Fisker's future uncertain as bailout talks collapse, production and stock trading halted

Max McDee, 25 March 2024

Henrik Fisker's electric vehicle startup, known for its stylish Ocean SUV, is facing an existential crisis. Talks with a potential major investor, widely speculated to be Nissan, have fallen through, leaving the company scrambling for survival. The news sent Fisker's already battered stock into a tailspin, prompting a trading halt as investors brace for the worst. Added to this, the company admitted to pausing production on its Ocean SUV last week, casting further doubt on its ability to deliver on promises.

The collapse of these talks highlights the precarious position of many EV startups in the current economic climate. With rising costs, supply chain disruptions, and fierce competition from established automakers, smaller players like Fisker are finding it increasingly difficult to secure the funding needed to scale production and achieve profitability.

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Fisker's troubles have been compounded by a series of missteps. The company admitted to missing a crucial interest payment on a funding package secured through convertible notes. This default, despite Fisker claiming to have sufficient cash reserves, raises serious questions about the company's financial management and its ability to navigate the complexities of capital markets.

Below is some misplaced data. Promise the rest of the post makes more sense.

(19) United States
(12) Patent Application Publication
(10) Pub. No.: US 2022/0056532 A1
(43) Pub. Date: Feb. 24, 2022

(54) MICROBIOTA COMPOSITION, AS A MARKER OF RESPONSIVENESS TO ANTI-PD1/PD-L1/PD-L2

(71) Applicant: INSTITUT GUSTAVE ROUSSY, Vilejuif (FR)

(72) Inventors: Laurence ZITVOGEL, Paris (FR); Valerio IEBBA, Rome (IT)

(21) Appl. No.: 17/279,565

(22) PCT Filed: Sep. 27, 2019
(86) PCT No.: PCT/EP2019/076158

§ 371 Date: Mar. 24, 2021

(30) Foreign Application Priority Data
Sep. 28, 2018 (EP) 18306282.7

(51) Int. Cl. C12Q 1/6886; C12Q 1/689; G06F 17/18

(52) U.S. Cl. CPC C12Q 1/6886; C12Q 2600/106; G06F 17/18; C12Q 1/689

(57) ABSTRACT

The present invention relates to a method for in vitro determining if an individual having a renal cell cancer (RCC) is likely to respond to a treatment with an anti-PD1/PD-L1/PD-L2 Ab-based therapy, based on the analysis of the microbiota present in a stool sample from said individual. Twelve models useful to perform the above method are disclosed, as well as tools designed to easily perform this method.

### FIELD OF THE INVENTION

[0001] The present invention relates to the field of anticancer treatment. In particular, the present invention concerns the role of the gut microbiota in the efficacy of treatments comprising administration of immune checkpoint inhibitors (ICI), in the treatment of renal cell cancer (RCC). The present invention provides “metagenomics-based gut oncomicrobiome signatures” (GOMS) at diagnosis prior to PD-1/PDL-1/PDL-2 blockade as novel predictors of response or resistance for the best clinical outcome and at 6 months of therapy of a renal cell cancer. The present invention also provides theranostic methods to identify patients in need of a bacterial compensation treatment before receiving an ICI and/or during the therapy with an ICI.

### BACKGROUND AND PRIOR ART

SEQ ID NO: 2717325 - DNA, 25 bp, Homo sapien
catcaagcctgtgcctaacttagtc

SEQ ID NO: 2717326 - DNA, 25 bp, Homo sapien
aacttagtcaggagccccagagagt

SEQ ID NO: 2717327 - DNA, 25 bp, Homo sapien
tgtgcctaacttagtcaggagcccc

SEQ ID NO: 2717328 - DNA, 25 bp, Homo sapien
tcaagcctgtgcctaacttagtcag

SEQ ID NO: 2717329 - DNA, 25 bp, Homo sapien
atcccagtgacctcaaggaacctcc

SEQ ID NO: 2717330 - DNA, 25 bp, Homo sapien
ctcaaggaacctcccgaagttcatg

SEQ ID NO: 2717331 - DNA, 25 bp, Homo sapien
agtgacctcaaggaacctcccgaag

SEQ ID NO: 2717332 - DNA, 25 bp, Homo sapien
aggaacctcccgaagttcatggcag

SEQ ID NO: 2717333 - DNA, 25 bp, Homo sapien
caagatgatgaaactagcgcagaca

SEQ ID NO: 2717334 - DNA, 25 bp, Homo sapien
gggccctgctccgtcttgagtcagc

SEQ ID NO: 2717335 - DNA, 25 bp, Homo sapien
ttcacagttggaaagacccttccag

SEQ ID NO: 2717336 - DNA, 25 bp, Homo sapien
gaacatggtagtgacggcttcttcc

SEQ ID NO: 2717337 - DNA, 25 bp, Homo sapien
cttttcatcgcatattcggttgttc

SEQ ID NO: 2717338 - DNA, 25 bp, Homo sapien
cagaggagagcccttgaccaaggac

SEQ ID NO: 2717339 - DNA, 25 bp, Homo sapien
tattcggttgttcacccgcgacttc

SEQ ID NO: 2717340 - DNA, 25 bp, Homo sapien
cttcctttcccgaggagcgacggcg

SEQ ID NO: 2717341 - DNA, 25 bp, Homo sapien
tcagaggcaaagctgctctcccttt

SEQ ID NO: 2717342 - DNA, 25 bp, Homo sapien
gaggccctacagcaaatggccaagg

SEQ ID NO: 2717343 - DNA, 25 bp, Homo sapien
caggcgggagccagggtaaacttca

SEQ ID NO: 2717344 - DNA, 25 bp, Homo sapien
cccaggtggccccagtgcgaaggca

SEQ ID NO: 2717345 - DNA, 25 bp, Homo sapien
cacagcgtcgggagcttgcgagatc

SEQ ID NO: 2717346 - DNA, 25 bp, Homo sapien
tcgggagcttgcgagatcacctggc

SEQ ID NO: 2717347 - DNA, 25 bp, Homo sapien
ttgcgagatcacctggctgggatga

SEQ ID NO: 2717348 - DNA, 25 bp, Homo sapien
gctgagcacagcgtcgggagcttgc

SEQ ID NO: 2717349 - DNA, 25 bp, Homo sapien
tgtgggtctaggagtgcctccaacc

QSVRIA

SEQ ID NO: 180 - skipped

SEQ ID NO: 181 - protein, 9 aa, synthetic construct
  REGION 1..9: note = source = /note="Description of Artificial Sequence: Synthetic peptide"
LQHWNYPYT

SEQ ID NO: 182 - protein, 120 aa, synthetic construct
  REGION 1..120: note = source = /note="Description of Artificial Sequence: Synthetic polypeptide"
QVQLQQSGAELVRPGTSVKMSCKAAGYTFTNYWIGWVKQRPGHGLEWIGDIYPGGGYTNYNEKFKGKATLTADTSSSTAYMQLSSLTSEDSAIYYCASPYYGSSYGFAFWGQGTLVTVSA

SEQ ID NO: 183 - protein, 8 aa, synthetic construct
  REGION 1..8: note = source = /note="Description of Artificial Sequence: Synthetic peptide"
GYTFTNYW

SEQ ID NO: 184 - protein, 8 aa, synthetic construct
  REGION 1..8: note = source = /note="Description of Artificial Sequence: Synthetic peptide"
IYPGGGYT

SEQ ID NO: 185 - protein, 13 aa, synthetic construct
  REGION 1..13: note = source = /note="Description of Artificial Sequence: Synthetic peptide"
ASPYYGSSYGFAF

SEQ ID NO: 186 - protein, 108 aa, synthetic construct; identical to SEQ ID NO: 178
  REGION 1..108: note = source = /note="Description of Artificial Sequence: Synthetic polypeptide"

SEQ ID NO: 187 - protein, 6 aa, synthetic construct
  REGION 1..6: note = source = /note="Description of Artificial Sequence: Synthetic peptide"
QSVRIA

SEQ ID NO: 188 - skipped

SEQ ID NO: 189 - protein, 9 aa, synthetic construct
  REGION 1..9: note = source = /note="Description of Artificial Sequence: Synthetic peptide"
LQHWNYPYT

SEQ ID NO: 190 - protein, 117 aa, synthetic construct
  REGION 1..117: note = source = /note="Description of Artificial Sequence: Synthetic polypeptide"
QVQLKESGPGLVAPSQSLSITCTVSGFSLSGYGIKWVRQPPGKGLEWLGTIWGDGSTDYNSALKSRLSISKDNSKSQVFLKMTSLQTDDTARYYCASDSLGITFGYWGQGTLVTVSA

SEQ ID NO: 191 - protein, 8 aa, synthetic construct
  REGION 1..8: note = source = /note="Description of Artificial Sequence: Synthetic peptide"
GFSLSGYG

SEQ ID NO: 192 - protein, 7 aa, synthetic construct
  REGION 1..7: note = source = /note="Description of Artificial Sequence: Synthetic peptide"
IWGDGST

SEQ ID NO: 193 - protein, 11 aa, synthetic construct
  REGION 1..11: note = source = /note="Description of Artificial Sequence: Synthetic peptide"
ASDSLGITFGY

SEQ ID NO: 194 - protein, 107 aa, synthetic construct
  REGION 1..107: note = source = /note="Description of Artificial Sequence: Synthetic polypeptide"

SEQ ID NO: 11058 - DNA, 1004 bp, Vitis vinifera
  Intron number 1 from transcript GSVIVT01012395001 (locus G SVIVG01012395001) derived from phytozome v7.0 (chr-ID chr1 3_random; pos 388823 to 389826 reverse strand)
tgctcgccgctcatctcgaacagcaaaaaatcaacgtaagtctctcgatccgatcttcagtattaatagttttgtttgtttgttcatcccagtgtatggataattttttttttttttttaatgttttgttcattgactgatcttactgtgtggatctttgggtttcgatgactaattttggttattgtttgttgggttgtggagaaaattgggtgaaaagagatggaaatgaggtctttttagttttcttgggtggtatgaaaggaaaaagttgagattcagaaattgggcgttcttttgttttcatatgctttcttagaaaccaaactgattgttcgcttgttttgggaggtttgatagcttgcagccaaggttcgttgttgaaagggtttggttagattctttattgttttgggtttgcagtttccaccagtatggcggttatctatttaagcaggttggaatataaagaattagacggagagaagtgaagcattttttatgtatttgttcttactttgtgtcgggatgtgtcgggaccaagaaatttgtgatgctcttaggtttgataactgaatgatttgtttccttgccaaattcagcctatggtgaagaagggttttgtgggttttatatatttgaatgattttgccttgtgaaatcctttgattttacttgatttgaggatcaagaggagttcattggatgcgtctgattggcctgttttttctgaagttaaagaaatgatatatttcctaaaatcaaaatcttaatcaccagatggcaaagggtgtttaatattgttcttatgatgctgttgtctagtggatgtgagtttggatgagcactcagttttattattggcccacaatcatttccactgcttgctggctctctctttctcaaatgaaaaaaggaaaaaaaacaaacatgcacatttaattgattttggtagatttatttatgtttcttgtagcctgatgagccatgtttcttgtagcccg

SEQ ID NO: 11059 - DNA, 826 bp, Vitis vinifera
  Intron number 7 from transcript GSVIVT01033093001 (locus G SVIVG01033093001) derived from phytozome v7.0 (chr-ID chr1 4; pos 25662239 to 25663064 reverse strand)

The Fisker Ocean SUV, the company's flagship product, has also faced an uphill battle. While boasting a sleek design, the Ocean has received mixed reviews. Influential tech reviewers criticized its software glitches and unfinished feel. Further, a viral video of a Fisker employee berating a dealer damaged the company's reputation, potentially deterring customers.

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This isn't Henrik Fisker's first encounter with a failing EV venture. His previous startup, Fisker Automotive, succumbed to financial difficulties and declared bankruptcy in 2013. The similarities between the two companies' trajectories are striking, suggesting a pattern of overpromising and underdelivering.

While Fisker is seeking shareholder approval for a reverse stock split in an attempt to boost its falling share price, this appears to be a desperate measure rather than a long-term solution. Without a substantial cash infusion or a major strategic shift, it's difficult to find a path forward for the troubled startup.



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